22 to 24 Minutes: 5.8 mph
24 to 28 Minutes: 3.5 mph
28 to 30 Minutes: 5.8 mph
30 to 35 Minutes: 3.5 mph
35 to 40 Minutes: 3.0 mph
Interval workouts are great for getting an intense, fat-burning, fitness-producing workout in a short amount of time. For those short on time, these are the best types of workouts to do. If you happen to own or have access to a manual treadmill, you’ll get an even more intense workout.
Interval workout #1
In order to use this plan, you’ll need to know your perceived levels of exertion based on a simple, 1 – 10 scale. You’re going to want to stay between Level 3—I’m comfortable, but I’m breathing a little harder—and Level 6—I can still talk, but I am slightly breathless. It will take you 21 minutes to complete this interval training workout.
0 to 5 Minutes: Warm-Up (Walk at a comfortable pace and incline; RPE: Level 3-4)
5 to 8 Minutes: Rest Set (Increase your speed and increase incline 1%; RPE: Level 5)
8 to 9 Minutes: Work Set (Increase incline 1-3% or more; RPE: Level 6)
9 to 12 Minutes: Rest Set (Decrease your speed and incline; RPE: Level 5)
12 to 13 Minutes: Work Set (Increase your speed 3-5 levels and incline 1-2%; RPE: Level 6)
13 to 16 Minutes: Rest Set (Decrease your speed and incline; RPE: Level 5)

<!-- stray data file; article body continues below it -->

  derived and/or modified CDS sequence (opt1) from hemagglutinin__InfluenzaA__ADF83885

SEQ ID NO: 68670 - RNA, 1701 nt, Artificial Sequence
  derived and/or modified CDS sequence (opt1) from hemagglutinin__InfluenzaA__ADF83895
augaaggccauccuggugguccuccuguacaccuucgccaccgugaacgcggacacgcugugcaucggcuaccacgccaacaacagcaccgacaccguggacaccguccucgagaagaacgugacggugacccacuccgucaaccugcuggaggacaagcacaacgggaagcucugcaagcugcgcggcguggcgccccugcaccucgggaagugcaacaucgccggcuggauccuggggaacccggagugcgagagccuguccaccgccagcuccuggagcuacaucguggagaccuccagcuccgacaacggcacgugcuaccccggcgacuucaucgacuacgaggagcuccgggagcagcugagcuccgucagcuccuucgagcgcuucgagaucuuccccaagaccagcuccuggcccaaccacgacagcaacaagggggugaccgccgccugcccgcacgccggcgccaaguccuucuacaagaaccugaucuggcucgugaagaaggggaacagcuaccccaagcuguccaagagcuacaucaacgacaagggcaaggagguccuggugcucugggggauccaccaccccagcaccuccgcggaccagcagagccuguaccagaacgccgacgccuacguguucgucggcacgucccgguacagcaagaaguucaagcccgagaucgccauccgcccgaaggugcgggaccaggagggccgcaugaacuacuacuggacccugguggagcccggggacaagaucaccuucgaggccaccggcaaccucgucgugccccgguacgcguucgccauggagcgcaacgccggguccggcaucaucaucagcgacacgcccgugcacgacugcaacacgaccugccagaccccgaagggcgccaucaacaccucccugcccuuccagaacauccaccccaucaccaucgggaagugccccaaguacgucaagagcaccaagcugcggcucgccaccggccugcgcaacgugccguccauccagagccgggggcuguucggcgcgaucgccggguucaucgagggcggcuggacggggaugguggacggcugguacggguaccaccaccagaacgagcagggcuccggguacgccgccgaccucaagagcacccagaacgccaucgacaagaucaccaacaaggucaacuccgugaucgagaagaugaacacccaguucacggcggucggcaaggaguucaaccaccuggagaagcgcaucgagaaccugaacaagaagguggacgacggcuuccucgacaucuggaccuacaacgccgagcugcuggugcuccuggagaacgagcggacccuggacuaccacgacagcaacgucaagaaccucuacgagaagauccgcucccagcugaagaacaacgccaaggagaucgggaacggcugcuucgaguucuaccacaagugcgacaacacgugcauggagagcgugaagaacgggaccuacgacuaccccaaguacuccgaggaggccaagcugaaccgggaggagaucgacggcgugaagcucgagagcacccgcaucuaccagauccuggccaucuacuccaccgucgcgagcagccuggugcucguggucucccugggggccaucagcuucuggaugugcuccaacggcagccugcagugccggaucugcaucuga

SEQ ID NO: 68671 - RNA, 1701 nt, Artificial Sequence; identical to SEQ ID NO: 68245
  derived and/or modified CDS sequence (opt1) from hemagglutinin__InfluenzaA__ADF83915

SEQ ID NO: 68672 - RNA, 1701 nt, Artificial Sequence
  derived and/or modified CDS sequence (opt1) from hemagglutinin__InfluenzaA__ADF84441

16 to 21 Minutes: Cool Down (Walk at a comfortable pace and incline; RPE: Level 3-4)
Interval Workout #2
Another simpler option is to warm up for five minutes at a casual walking pace, run easy for three minutes, walk for one minute, and cool down with a five-minute walk. If you’re short on time, this 14-minute mini-workout is a great quick way to break a sweat.
Interval Workout #3
If you’re looking for a little variety and want to spice up your cardio and target your belly fat, try a 30-minute pyramid interval workout from Popsugar. If you are not familiar with pyramid workouts, they are similar the interval workouts. Instead of repeating the same distance or time, each interval gets progressively longer or more difficult.
0 to 5 Minutes: 4 mph speed, 2.5 incline (Warm Up)
5 to 6 Minutes: 5 mph speed, 1.0 incline
6 to 7 Minutes: 6 mph speed, 1.0 incline
7 to 8 Minutes: 5 mph speed, 1.0 incline
8 to 9 Minutes: 6.5 mph speed, 1.0 incline
9 to 10 Minutes: 4.0 mph speed, 1.0 incline
10 to 11 Minutes: 6.5 mph speed, 1.0 incline
11 to 12 Minutes: 5.0 mph speed, 1.0 incline
12 to 13 Minutes: 7.0 mph speed, 1.0 incline
13 to 14 Minutes: 5.0 mph speed, 1.0 incline
14 to 15 Minutes: 7.5 mph speed, 1.0 incline
15 to 16 Minutes: 4.0 mph speed, 1.0 incline
16 to 17 Minutes: 6.5 mph speed, 1.0 incline
17 to 18 Minutes: 5.5 mph speed, 1.0 incline